Whether you actually take an early retirement or not, there’s a considerable benefit to planning for an early retirement: You’ll be prepared in the event you have to retire early unexpectedly. If you don’t end up retiring early, then you’ll have that much more savings by the time you do retire.

How to plan for an early retirement: 7 steps you can take

If retiring ahead of time is a priority for you, and is feasible, here are seven steps you can take now to create an actionable plan.

1. Map out your retirement goals

Determining how much money you need to save for retirement depends on what you want your lifestyle in retirement to look like. Do you plan to live in a house you already own or that you expect to inherit, or are you hoping to move to a different city each year? Do you plan to travel frequently, indulge in fine dining, and live adventurously or extravagantly for some or all of your retirement? Or do you expect to just mostly hang out at home and grow an expansive garden and read books? There are no wrong answers when it comes to living your best life in retirement, but there are wildly different price points associated with these scenarios. Before you can plot your path to retire as early as possible, you need a clear idea of what resources you’ll need to support yourself.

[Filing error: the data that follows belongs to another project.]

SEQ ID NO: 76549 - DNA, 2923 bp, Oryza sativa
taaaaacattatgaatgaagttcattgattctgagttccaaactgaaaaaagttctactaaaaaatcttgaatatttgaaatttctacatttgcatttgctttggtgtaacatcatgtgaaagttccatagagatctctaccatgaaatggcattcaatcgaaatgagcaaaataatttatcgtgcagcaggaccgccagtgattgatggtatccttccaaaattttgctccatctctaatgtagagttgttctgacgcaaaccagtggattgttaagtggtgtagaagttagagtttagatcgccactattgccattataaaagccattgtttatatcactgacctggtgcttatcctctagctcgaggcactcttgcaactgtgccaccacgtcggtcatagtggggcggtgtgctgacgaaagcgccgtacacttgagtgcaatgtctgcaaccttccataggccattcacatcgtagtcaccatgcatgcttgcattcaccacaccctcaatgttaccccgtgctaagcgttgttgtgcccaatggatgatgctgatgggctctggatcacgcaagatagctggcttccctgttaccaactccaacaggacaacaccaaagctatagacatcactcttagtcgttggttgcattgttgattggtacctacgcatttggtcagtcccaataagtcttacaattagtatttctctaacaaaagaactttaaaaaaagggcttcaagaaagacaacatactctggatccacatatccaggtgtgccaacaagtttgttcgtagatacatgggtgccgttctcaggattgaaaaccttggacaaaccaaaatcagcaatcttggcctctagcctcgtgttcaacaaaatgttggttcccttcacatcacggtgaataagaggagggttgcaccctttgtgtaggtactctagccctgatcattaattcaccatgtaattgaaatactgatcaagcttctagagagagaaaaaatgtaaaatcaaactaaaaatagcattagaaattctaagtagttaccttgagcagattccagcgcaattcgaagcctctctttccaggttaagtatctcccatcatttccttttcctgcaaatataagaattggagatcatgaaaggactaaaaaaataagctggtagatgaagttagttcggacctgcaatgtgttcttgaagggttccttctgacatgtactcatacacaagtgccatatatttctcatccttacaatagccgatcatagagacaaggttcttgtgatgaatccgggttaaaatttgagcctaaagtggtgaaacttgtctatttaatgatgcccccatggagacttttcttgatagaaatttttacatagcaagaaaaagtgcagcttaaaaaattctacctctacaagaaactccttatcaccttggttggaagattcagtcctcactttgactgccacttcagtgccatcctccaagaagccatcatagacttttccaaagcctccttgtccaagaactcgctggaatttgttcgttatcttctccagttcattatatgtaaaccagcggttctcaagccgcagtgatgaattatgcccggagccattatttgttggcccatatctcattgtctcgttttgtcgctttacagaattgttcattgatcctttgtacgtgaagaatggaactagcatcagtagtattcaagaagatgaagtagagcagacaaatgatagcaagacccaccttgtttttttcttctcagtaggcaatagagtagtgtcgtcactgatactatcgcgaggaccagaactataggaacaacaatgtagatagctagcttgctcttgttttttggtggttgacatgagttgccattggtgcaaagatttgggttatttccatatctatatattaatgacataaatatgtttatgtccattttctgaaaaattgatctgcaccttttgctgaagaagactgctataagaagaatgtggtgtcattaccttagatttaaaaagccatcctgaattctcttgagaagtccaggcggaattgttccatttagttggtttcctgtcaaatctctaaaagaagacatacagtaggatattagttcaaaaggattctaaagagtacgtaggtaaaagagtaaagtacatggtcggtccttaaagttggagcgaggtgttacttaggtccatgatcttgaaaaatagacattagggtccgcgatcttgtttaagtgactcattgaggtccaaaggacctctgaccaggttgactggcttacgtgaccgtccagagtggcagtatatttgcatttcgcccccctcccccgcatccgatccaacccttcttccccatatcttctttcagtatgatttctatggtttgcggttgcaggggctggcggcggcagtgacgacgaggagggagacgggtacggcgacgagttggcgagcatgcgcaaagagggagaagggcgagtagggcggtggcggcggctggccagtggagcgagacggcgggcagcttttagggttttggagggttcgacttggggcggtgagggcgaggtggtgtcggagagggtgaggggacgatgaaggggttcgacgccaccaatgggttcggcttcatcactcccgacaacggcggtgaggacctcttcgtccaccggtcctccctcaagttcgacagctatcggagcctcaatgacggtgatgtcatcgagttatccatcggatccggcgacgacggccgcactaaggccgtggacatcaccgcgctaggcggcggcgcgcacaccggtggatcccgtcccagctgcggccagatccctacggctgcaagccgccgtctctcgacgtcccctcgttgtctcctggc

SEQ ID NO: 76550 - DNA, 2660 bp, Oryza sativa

2. Create a retirement budget (or a few of them)

Coming up with an overarching savings goal for retirement can lead to a large number that simply feels too theoretical to be useful when it comes to planning your life. Take the time to translate your overall savings into a monthly budget. Much in the same way you have a budget for your life now, you can create mock budgets to pinpoint what your spending could look like in retirement. This is where the aforementioned decisions about retirement lifestyle will come into play. Don’t feel limited to just one budget — make several budgets that paint different pictures of what your spending might look like.

3. Account for current savings and other assets

Take stock of what savings, investments and other assets, such as real estate, you currently have or expect to have in the future (for example, stock options you hold or assets you expect to inherit).